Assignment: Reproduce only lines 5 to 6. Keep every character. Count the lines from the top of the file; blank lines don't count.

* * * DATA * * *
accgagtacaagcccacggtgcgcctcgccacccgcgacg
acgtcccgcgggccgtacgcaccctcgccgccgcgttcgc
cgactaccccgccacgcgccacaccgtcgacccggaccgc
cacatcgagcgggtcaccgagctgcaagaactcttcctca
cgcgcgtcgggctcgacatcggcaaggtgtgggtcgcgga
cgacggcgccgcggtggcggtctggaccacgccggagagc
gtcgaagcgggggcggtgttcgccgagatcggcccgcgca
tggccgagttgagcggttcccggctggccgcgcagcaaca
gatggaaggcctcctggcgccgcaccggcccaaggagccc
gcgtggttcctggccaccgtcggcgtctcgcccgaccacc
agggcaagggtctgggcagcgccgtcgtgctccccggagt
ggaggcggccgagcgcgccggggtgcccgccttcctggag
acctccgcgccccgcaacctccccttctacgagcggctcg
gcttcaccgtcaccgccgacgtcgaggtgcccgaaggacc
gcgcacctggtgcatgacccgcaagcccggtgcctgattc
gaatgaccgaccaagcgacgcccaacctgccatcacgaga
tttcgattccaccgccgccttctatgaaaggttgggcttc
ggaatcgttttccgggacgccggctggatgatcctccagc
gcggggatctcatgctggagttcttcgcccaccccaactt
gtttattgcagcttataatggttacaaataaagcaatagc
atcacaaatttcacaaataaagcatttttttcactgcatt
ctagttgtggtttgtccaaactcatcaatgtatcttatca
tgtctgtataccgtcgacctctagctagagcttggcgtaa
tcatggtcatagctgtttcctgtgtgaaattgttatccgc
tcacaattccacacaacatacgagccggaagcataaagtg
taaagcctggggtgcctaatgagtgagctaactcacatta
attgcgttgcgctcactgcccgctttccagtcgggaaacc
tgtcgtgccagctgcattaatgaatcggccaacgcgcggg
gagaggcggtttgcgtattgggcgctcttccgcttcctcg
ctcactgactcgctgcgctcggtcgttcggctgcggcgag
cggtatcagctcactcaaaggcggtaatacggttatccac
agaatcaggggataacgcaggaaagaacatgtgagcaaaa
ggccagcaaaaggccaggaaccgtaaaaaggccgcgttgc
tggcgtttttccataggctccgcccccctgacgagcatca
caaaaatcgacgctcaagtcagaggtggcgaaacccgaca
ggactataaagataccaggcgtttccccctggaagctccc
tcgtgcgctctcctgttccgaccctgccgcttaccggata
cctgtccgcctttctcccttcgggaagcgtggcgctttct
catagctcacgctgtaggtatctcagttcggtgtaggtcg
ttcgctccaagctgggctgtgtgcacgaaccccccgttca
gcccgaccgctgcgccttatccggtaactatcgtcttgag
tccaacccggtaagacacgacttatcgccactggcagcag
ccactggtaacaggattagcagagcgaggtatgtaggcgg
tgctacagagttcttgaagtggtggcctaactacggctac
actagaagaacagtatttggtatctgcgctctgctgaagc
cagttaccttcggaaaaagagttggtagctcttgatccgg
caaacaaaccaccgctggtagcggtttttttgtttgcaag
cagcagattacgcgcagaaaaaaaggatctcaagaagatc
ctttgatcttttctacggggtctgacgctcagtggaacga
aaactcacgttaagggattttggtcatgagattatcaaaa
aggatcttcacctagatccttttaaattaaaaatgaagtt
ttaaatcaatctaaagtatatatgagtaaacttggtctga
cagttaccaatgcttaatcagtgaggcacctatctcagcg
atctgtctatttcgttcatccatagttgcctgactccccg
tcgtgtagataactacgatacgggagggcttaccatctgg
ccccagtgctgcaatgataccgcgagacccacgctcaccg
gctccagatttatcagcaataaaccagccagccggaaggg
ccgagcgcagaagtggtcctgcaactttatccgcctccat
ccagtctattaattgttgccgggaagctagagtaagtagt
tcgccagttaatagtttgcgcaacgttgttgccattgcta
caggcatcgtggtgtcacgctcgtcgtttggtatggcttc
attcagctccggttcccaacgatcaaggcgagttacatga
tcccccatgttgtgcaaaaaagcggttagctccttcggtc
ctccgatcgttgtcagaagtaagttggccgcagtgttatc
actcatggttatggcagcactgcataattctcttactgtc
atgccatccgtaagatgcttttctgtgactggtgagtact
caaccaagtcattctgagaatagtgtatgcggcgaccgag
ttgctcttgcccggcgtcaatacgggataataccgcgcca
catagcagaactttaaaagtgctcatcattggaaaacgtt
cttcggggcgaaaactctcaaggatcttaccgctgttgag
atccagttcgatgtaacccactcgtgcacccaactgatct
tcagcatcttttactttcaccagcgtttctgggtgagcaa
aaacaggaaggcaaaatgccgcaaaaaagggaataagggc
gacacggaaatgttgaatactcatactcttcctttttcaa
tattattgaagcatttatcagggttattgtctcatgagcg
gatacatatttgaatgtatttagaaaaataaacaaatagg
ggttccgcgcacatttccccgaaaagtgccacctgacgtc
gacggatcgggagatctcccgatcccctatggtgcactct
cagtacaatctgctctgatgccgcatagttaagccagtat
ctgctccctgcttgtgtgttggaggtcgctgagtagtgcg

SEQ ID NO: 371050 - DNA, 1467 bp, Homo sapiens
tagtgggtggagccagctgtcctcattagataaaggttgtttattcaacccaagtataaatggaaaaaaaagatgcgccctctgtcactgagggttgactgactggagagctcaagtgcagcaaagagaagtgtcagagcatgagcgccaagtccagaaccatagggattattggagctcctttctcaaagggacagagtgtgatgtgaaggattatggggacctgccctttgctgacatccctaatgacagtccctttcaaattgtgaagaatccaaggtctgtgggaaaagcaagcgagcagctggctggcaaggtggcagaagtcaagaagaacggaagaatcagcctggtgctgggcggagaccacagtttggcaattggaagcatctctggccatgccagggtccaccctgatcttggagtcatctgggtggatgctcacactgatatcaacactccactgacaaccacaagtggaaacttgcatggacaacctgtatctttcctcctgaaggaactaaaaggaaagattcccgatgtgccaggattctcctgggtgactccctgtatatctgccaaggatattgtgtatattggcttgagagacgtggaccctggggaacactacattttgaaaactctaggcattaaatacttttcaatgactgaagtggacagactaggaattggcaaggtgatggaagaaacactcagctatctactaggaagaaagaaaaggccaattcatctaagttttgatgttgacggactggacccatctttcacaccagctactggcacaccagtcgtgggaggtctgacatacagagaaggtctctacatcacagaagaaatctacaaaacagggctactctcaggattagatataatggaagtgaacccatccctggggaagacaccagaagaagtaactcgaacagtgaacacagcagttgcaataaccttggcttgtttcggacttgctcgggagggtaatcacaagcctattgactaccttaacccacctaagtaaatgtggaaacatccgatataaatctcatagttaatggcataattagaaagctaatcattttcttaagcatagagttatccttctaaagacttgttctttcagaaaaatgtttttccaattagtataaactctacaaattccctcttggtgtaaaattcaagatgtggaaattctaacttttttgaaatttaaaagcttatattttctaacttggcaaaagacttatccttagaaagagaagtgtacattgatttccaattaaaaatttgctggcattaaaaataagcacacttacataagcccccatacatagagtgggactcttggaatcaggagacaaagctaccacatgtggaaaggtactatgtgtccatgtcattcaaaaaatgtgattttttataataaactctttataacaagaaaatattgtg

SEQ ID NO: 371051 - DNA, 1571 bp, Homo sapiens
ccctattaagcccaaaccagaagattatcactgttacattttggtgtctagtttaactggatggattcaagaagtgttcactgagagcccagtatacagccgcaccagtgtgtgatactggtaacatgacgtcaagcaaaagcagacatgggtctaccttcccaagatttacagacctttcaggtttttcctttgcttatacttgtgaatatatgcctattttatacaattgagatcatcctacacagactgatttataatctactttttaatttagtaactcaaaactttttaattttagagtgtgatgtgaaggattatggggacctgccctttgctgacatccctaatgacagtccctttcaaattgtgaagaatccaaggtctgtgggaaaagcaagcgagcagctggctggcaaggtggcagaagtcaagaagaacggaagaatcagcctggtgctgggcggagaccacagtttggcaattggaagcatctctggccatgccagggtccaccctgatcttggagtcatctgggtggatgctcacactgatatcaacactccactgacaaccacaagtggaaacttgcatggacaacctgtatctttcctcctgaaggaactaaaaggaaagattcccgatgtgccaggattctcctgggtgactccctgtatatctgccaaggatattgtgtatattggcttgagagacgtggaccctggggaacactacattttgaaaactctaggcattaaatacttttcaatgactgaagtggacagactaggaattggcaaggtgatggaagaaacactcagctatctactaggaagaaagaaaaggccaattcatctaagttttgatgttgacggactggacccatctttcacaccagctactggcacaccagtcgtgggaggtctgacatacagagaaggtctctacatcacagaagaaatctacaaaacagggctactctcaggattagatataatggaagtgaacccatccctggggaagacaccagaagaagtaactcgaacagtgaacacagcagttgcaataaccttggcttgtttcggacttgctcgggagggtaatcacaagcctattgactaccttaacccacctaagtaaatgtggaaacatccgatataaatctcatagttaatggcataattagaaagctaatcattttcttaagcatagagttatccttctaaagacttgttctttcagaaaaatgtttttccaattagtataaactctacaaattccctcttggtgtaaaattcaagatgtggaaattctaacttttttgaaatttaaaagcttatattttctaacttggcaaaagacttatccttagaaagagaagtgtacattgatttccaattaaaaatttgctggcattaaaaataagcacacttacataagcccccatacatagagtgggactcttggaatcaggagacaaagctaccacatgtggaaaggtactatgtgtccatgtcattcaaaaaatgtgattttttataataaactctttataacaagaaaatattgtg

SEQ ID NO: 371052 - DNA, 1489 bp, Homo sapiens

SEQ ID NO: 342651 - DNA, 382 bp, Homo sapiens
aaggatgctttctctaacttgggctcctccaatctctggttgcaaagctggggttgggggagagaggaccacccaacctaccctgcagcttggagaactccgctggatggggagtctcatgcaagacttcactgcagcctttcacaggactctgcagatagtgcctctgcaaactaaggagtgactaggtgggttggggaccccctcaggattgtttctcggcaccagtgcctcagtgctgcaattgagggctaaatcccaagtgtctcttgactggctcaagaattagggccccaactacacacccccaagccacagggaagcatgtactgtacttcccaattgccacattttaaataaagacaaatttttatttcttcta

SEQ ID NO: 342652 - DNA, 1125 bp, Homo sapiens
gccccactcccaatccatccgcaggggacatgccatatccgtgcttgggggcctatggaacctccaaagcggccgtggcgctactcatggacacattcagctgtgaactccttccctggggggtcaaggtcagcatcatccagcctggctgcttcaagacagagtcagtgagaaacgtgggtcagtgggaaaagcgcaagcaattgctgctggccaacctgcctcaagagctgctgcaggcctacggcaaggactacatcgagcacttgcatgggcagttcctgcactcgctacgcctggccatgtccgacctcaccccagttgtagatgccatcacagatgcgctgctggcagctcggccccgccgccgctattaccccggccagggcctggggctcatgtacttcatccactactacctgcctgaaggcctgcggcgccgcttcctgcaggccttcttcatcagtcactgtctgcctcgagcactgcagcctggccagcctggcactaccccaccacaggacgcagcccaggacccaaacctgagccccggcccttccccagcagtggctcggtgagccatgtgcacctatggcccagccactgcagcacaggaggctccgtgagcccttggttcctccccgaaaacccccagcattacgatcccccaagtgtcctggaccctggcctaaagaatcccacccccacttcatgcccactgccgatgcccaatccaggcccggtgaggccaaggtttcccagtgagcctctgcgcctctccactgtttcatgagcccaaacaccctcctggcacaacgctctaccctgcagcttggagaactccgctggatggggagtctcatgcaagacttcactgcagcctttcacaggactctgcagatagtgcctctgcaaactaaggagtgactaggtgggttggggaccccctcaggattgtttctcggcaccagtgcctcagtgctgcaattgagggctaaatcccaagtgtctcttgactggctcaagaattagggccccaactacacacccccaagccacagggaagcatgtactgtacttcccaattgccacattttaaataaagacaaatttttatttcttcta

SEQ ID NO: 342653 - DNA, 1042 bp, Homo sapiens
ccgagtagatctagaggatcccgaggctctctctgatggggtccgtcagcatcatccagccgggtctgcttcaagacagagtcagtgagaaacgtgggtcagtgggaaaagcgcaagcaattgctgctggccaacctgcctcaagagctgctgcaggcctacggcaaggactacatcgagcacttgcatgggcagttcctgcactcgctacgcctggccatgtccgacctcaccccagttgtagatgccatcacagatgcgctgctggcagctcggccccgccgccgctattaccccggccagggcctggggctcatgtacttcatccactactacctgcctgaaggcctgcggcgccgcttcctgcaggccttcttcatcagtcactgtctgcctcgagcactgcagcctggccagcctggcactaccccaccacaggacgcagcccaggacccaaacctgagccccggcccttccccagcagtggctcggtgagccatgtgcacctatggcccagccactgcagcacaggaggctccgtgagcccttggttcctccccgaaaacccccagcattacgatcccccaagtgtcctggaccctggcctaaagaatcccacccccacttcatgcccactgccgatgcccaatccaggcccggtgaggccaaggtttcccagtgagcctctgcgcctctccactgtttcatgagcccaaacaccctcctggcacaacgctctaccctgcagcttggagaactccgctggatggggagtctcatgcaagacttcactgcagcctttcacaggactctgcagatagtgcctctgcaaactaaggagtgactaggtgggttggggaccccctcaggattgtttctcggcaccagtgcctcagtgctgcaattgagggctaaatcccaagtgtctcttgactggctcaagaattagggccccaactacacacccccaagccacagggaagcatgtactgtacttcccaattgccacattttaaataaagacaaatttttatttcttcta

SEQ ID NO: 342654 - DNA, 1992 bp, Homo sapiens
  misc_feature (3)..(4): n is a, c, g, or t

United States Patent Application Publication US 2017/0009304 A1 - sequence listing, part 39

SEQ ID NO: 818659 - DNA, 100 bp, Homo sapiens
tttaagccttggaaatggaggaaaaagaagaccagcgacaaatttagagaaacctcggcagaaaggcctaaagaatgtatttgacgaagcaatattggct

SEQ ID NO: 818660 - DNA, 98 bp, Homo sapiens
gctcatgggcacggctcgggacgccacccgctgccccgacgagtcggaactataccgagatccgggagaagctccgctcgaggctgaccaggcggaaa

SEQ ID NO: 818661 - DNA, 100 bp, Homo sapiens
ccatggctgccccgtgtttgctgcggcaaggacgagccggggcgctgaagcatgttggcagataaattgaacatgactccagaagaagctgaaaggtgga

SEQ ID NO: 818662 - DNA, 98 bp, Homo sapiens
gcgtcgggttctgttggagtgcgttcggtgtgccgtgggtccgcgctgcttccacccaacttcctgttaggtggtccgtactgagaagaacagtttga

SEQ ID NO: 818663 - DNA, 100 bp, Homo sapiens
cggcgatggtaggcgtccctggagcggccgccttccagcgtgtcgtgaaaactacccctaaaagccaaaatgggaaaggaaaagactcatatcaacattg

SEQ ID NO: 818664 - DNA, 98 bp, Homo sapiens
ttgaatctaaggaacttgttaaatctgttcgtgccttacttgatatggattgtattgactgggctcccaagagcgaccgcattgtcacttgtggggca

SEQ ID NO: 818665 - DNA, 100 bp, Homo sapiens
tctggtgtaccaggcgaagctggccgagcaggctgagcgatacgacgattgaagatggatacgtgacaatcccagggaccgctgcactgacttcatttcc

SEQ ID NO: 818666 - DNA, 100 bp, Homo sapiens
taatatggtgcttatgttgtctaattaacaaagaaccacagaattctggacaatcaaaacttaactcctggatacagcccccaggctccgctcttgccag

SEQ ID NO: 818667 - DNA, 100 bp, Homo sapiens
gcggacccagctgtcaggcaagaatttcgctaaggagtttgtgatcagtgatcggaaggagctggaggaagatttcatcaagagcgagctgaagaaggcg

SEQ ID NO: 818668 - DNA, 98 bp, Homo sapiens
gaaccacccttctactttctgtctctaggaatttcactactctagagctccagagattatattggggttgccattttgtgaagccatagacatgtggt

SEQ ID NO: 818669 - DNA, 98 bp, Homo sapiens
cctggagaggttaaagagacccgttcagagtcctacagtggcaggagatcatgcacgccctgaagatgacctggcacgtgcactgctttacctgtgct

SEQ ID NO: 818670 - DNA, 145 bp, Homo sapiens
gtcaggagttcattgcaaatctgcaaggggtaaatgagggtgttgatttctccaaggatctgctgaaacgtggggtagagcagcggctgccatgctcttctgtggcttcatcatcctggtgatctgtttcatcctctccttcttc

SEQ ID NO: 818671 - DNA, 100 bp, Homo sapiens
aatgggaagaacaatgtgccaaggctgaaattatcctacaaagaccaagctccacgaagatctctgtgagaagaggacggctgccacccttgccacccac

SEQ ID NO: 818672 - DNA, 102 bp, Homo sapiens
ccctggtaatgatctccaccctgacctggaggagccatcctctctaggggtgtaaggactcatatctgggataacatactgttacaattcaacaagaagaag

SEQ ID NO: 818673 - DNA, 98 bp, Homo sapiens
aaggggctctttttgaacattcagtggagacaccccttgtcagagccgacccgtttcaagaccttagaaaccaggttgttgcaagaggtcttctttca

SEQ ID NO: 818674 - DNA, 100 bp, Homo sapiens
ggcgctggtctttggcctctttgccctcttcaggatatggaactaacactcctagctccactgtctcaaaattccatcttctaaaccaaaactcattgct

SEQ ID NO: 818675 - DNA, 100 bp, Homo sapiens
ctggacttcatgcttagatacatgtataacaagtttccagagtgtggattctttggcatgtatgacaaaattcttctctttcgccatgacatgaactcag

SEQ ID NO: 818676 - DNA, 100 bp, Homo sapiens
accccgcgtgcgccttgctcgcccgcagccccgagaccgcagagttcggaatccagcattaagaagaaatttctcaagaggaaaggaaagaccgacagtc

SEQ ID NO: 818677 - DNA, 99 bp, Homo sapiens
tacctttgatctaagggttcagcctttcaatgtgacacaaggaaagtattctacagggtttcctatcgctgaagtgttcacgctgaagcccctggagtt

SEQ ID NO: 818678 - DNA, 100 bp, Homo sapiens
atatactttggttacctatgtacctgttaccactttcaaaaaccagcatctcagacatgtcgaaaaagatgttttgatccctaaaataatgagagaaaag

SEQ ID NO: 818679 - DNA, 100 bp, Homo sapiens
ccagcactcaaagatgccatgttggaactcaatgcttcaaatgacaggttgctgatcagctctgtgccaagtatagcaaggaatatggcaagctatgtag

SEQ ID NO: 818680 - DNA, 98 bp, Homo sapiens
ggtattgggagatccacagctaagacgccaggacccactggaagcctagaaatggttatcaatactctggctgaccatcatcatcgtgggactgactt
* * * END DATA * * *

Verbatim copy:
cgcgcgtcgggctcgacatcggcaaggtgtgggtcgcgga
cgacggcgccgcggtggcggtctggaccacgccggagagc